Group issues Y2K hard drive warning

Many computer manufacturers recommend rebooting computers after the date rollover to ensure all Y2K fixes, but that action could cripple hard drives, according to a security group.

2 min read
Companies rebooting computers because of the Y2K technology glitch had better think again.

Many computer manufacturers recommend restarting systems after the date rollover to ensure all Y2K fixes, such as BIOS and driver updates, are in place.

But that action could cripple hard drives, rendering systems useless and compromising valuable data, according to the Systems Administration Networking and Security (SANS) Institute. The danger is greatest for systems many companies depend on the most: those that run 24 hours a day, seven days a week, and are rarely shut down.

"It would be terribly sad if our defensive actions were the ones that actually caused the damage we were trying to avoid," said Alan Paller, director of research for SANS.

The problem is grunge buildup around a hard drive's slider assembly, which houses the read/write head. Grunge is made up mostly of lubricant and media particles. If the grunge buildup is heavy, the slider--a ceramic air bearing that moves over the disk--can stick to the Landing Zone, the area where it rests when the disk is not spinning. If the slider gets stuck, the hard drive could fail, damaging or destroying data.

Paller warned grunge buildup is no small problem. He recounted the story of a big-three PC manufacturer losing 28 out of 50 systems during maintenance rebooting several years ago. Out of desperation, the company dropped damaged drives on the ground, which loosened stuck sliders and restored 10 units for use.

SANS recommends spinning down hard drives or shutting down systems for a short period, no more than 30 seconds, which helps remove some grunge from the slider but lessens the likelihood of the mechanism sticking to the Landing Zone. Companies should next run non-destructive storage diagnostic software to test the drive, and then proceed with the planned Y2K power down and restart.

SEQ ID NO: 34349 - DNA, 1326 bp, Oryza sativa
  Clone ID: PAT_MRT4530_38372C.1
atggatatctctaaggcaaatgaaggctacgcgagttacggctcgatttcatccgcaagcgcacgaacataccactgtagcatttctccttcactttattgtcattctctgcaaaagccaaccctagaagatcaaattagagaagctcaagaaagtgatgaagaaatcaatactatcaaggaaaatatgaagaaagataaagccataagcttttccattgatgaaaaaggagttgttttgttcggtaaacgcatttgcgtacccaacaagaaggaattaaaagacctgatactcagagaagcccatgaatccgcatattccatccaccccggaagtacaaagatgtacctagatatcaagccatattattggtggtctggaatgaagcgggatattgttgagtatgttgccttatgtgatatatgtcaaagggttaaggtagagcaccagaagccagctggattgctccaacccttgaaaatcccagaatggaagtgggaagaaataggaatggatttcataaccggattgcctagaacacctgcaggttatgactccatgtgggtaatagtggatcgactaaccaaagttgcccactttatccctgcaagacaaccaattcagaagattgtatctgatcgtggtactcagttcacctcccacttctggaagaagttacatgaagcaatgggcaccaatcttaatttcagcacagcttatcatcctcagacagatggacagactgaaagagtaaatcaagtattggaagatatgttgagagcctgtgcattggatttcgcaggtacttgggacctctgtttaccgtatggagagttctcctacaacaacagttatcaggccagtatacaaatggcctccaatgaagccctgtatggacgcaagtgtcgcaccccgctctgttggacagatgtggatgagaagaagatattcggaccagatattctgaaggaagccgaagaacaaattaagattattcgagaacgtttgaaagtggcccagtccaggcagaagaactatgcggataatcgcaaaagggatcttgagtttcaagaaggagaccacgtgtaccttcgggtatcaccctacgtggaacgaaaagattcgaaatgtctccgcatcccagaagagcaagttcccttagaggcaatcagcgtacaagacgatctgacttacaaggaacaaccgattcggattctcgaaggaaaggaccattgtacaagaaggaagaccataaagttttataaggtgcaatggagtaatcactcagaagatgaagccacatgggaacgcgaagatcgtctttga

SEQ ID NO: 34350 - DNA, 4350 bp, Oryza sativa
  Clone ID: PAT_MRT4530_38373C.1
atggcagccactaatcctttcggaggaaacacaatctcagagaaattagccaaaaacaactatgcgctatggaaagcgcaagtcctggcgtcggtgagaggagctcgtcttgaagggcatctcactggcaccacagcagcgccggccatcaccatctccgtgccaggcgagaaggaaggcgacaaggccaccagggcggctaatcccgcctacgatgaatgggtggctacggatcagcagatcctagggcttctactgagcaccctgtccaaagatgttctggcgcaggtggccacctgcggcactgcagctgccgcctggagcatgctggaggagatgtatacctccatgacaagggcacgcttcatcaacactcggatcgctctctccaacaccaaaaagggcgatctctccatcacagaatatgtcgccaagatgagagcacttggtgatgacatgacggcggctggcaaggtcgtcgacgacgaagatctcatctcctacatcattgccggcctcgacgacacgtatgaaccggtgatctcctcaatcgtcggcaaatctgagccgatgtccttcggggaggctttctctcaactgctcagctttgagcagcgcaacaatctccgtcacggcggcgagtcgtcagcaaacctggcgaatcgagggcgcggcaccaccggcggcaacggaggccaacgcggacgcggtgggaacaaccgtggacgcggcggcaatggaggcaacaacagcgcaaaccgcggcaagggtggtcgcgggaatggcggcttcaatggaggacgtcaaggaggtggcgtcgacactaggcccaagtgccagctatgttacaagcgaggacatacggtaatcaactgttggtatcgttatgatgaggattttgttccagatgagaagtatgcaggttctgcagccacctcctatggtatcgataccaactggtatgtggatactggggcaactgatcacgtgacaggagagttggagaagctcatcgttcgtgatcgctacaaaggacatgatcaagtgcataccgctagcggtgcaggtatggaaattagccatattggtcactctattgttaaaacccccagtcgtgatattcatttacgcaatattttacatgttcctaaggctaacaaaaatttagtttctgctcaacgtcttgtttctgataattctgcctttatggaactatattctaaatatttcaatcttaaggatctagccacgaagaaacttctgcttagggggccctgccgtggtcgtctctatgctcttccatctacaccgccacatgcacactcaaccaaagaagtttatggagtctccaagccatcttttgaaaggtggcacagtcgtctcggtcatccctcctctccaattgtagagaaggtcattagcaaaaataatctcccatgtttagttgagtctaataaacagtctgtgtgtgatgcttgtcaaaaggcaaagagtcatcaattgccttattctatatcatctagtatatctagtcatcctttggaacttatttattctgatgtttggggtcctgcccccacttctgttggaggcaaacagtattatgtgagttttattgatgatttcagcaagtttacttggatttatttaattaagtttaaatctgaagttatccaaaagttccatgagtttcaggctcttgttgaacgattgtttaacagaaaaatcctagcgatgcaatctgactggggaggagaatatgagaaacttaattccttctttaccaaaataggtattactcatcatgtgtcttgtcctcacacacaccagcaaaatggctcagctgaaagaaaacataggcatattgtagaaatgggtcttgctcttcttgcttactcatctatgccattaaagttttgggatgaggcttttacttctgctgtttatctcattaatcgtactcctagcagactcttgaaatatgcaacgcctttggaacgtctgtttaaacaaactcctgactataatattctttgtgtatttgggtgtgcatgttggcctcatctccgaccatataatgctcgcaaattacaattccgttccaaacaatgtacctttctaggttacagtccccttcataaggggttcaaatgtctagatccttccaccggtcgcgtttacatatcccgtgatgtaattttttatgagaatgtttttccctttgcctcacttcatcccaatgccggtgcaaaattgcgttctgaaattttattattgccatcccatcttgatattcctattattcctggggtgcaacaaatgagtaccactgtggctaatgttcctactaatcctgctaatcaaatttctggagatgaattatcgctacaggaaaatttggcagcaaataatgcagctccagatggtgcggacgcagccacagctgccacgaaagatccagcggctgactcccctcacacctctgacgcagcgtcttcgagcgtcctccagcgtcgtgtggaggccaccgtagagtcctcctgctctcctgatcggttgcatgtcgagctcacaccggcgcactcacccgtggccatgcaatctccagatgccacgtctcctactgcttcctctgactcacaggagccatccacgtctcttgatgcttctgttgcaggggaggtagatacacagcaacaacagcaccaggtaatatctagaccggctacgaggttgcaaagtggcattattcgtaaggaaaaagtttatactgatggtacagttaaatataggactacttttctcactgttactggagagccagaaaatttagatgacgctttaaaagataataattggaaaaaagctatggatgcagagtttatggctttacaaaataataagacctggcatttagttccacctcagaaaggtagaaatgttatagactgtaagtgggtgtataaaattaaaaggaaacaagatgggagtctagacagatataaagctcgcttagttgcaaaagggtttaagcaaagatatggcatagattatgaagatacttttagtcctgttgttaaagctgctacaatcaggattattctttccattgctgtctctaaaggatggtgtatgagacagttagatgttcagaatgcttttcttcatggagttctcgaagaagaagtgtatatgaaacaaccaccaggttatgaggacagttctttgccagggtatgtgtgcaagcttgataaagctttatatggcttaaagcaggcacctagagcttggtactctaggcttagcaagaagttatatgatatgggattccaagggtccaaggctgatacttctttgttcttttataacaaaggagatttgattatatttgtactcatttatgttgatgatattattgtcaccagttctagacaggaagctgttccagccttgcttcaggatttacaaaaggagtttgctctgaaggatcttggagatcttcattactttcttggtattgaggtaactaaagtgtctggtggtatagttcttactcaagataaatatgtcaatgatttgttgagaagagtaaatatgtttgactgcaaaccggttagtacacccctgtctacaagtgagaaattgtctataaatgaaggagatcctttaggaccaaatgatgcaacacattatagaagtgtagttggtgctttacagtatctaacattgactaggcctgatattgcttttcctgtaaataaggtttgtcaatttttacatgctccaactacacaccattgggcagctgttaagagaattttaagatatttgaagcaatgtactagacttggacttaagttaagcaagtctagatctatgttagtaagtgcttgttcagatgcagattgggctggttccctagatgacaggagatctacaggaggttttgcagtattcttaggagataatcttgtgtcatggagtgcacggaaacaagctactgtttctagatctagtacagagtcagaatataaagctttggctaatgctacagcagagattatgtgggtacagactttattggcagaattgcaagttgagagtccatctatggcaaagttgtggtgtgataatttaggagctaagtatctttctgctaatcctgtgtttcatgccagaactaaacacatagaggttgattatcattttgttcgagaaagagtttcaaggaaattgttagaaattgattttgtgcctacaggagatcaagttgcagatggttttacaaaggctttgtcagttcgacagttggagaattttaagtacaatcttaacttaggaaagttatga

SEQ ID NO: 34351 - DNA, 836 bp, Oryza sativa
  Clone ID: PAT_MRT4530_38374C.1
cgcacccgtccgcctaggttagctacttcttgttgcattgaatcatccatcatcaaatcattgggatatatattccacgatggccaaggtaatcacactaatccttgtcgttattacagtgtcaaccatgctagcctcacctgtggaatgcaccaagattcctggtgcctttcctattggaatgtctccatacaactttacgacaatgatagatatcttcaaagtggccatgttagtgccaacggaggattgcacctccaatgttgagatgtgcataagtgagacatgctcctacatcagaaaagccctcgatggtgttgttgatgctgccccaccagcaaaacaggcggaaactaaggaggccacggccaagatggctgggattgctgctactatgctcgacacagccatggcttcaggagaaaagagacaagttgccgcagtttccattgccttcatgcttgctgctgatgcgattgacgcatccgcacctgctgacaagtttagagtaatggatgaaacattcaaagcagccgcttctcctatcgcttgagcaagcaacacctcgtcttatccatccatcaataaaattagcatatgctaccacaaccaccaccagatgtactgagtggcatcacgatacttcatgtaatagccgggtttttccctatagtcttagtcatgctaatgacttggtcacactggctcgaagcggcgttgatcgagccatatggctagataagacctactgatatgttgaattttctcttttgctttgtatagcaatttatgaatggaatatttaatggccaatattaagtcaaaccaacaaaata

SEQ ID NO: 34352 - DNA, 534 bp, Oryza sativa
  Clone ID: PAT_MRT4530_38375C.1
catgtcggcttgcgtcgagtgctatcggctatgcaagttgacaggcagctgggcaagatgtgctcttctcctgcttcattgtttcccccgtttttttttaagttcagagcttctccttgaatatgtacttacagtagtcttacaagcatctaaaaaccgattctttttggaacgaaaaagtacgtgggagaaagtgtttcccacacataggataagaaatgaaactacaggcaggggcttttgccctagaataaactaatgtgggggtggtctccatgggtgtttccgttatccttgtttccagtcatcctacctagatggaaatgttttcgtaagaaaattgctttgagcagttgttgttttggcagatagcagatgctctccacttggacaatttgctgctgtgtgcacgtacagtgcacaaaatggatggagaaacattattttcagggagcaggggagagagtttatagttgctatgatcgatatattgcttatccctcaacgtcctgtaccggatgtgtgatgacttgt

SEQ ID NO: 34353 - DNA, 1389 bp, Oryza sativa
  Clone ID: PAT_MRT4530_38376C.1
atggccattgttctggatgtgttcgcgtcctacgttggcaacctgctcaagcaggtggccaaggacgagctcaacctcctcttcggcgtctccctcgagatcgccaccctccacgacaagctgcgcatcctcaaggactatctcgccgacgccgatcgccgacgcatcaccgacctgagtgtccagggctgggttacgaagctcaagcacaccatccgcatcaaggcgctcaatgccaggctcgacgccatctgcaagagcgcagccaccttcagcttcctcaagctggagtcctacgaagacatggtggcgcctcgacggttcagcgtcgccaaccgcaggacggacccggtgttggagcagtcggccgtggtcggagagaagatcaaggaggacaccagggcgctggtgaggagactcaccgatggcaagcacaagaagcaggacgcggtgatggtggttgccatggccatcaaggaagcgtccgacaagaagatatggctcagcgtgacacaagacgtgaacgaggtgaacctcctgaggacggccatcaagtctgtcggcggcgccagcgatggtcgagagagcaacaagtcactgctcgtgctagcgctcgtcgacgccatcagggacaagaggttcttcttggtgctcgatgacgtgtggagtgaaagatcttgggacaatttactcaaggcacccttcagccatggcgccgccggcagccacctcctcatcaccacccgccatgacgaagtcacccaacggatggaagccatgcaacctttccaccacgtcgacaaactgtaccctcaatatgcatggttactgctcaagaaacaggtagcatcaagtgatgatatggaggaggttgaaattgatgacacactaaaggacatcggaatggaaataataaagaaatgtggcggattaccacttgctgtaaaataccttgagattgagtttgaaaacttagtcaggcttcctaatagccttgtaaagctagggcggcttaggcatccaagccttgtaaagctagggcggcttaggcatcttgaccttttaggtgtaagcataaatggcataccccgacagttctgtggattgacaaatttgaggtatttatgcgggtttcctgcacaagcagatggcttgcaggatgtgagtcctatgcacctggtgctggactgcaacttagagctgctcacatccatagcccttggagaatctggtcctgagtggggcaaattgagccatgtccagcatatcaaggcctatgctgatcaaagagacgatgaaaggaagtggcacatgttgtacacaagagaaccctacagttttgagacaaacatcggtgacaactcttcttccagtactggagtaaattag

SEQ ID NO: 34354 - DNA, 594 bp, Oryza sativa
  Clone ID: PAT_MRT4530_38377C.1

"It isn't that much grunge, and it's a way to get rid of what seems to be the main amount that will get you stuck," Paller said. "It sounds silly to do a temporary stop, but that's a good solution. No one would have thought of that. It's not intuitive. You would have to know physically how that disk works to think of it."

To prevent future problems, companies should spin down hard drives about once a month to minimize the buildup of grunge. Newer drives will build up grunge more slowly, according to SANS.

With the date rollover just days away, some companies may have to scramble to make last-minute preparations to protect their data and have backup systems in place.

At a time when manufacturers can lose $100,000 for every hour of down time, or e-commerce operations can lose thousands of customers a day to competitors, this kind of failure to critical systems is unthinkable, Paller said.

And, he warned, it goes without saying that companies should always back up their data, particularly before resetting systems on Jan. 1.